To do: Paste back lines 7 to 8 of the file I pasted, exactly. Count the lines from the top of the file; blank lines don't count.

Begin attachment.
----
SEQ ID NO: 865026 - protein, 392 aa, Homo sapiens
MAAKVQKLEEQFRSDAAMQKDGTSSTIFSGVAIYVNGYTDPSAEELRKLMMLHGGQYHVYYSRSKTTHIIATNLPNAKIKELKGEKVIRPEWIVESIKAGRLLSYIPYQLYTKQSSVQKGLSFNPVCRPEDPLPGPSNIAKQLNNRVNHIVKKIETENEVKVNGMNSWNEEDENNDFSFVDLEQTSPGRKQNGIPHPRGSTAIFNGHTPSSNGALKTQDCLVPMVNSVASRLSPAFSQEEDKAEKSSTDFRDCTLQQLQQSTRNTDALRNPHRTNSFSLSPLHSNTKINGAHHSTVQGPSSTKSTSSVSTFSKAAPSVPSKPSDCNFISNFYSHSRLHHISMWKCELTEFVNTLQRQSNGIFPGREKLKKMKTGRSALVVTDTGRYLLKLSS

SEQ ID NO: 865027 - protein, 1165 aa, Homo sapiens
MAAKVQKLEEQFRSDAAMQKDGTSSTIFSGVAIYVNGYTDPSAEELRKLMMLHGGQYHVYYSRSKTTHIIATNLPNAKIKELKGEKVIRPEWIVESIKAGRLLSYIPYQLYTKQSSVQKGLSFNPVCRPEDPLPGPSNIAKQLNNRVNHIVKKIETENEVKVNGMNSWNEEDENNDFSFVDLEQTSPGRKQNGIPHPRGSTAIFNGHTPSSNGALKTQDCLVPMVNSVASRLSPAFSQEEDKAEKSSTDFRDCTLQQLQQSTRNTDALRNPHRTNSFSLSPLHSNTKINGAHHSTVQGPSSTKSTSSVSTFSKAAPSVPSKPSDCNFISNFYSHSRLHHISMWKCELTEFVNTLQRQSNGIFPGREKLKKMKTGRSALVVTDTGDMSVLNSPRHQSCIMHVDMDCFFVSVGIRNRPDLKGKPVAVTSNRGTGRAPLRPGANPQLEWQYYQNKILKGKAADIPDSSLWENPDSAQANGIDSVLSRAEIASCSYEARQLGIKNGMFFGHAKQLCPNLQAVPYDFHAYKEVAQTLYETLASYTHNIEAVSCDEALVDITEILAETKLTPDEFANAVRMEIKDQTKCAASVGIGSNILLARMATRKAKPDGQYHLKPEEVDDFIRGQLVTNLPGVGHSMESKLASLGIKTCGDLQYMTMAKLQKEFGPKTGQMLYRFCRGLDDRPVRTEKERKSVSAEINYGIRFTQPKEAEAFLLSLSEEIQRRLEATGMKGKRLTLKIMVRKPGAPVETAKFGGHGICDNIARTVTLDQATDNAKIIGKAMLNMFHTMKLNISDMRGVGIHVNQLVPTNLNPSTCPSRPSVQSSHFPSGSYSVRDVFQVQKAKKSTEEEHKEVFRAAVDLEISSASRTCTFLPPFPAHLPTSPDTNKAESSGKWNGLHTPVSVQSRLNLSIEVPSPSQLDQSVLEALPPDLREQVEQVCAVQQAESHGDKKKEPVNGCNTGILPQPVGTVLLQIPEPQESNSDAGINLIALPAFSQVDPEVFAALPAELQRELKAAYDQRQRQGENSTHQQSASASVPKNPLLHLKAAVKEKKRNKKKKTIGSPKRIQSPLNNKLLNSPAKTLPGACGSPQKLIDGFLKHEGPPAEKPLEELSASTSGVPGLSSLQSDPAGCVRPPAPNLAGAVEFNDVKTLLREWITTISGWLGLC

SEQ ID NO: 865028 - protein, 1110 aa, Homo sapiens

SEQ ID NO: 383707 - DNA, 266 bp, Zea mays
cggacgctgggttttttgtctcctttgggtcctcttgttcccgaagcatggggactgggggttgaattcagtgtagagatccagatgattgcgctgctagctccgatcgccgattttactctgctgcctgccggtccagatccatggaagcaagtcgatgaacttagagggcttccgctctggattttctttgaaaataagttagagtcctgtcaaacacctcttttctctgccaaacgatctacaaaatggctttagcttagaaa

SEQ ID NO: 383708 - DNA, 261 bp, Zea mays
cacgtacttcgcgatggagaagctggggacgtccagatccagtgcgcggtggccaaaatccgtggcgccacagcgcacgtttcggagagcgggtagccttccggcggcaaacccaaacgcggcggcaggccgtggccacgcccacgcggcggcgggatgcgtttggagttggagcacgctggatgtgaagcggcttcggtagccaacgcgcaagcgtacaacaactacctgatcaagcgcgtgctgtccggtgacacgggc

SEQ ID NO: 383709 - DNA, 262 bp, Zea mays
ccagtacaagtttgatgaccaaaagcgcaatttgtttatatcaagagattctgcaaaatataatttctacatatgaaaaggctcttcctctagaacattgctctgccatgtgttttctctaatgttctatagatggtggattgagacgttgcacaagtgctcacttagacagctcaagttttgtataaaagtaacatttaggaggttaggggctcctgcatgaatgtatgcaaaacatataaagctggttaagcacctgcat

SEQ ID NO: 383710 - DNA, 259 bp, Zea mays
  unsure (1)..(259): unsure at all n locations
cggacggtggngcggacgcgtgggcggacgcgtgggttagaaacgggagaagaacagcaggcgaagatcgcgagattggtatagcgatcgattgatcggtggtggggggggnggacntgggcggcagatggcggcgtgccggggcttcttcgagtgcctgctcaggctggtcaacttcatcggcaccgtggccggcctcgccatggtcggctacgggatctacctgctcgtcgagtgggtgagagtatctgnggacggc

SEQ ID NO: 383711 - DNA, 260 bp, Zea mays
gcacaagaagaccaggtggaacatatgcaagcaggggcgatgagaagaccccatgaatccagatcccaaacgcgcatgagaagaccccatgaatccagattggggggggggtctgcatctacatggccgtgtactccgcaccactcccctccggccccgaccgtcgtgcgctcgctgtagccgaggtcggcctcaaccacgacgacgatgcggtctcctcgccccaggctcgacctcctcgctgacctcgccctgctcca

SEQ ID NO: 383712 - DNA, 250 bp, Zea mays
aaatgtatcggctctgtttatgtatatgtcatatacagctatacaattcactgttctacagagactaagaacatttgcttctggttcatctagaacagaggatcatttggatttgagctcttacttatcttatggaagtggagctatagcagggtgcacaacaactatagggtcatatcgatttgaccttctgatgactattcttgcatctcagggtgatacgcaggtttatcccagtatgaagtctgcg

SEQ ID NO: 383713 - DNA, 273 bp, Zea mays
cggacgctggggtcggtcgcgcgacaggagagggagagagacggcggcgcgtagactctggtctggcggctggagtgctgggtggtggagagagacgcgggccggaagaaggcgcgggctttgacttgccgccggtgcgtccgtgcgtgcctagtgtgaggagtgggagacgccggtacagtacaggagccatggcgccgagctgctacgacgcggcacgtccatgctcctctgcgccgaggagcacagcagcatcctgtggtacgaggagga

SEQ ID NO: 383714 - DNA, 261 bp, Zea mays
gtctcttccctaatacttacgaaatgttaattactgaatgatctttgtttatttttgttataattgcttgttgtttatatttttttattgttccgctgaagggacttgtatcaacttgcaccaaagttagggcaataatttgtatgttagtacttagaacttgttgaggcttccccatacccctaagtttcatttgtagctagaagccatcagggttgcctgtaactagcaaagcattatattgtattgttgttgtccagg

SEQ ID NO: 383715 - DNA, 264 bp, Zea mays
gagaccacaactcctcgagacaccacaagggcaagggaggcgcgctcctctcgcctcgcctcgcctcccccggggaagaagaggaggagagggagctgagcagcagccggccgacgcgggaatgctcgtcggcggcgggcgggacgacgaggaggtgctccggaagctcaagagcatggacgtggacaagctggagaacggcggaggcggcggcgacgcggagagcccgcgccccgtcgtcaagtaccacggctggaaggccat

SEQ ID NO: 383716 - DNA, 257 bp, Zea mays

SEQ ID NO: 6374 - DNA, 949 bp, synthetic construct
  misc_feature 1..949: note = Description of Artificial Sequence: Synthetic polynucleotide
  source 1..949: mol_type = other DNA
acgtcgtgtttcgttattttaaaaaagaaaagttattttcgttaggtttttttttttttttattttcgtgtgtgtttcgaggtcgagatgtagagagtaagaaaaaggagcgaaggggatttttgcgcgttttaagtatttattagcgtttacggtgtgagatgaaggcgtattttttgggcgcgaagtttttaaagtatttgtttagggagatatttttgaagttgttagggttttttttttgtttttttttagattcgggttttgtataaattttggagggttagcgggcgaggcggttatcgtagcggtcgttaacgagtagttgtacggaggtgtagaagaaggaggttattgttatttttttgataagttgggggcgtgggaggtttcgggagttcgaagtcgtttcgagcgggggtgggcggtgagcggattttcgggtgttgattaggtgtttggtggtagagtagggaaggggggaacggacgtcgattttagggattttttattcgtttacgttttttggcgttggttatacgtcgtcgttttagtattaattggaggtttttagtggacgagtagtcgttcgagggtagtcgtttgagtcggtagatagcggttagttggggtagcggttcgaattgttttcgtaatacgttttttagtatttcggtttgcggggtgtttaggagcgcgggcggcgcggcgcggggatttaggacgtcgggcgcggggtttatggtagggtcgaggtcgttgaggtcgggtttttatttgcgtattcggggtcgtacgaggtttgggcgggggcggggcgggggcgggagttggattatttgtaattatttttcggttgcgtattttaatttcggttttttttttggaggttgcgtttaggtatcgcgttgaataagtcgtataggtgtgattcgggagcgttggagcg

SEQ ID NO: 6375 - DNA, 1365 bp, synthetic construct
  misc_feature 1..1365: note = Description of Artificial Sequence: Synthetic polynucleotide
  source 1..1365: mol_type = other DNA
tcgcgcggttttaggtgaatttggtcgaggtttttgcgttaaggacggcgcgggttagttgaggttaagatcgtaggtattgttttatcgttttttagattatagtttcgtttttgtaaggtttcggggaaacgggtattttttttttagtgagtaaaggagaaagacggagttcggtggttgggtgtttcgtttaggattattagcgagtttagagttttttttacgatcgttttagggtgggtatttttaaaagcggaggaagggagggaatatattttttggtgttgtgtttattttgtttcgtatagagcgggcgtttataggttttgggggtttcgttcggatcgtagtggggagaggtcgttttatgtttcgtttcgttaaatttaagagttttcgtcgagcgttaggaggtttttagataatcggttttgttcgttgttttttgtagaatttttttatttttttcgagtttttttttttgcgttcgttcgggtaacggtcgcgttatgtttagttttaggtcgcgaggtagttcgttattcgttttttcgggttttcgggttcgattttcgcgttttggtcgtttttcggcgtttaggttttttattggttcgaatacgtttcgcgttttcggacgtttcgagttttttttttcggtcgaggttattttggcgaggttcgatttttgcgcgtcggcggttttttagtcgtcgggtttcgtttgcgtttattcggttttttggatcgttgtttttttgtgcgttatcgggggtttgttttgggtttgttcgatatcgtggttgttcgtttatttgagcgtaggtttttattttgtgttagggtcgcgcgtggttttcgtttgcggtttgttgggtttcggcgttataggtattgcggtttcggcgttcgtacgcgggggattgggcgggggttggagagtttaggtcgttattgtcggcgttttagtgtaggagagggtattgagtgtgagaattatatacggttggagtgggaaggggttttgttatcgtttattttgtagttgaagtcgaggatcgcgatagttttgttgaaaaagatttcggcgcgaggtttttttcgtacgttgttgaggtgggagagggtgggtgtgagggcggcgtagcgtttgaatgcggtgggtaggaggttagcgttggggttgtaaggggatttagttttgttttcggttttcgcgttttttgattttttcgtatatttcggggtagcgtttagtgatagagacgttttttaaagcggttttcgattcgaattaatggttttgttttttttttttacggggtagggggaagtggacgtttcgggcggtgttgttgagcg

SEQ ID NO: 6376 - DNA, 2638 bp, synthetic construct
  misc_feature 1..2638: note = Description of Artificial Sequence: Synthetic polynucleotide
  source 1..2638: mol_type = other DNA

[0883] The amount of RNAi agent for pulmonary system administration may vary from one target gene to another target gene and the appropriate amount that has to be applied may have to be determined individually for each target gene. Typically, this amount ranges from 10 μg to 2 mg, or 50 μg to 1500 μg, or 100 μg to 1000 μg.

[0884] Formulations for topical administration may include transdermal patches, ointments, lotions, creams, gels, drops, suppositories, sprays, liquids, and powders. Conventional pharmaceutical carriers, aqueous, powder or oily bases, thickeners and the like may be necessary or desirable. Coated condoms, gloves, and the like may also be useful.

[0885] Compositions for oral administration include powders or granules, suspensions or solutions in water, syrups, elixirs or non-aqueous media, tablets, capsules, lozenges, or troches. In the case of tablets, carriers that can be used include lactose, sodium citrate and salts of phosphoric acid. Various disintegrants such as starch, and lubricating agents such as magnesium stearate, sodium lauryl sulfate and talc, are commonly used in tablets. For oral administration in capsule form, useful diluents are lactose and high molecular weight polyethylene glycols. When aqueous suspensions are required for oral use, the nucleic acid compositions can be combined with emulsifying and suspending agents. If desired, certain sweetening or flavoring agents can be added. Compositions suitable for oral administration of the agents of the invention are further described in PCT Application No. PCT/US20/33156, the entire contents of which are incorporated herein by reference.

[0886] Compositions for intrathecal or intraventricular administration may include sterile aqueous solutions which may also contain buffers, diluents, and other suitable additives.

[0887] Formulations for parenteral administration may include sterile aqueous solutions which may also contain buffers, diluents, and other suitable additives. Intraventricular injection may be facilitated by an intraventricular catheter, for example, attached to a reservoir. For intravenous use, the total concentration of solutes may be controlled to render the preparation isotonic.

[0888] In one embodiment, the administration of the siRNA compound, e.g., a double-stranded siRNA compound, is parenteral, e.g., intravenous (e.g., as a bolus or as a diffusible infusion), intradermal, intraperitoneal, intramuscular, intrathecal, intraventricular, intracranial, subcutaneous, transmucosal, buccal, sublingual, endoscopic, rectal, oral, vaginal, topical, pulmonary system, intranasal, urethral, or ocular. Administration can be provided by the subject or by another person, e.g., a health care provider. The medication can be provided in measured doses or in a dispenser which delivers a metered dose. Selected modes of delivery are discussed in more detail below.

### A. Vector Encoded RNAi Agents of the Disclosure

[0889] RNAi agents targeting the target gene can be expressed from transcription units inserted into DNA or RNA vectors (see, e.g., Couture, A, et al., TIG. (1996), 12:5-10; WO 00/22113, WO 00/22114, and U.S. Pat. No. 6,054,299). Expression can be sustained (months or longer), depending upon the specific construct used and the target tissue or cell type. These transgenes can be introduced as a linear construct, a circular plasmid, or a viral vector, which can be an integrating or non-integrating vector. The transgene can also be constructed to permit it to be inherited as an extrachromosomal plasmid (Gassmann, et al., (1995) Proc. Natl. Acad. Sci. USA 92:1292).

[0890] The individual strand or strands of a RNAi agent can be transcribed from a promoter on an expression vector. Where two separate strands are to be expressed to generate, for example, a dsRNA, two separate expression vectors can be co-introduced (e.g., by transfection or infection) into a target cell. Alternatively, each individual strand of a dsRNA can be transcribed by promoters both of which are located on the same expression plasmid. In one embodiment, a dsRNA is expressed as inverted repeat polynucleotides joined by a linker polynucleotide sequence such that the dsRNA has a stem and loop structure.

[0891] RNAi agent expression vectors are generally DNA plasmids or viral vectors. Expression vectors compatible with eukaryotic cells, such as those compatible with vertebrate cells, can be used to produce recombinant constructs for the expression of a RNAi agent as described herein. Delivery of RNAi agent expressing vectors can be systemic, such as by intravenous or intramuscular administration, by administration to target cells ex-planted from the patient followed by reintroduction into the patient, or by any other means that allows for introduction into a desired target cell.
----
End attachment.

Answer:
cggacgctgggttttttgtctcctttgggtcctcttgttcccgaagcatggggactgggggttgaattcagtgtagagatccagatgattgcgctgctagctccgatcgccgattttactctgctgcctgccggtccagatccatggaagcaagtcgatgaacttagagggcttccgctctggattttctttgaaaataagttagagtcctgtcaaacacctcttttctctgccaaacgatctacaaaatggctttagcttagaaa

SEQ ID NO: 383708 - DNA, 261 bp, Zea mays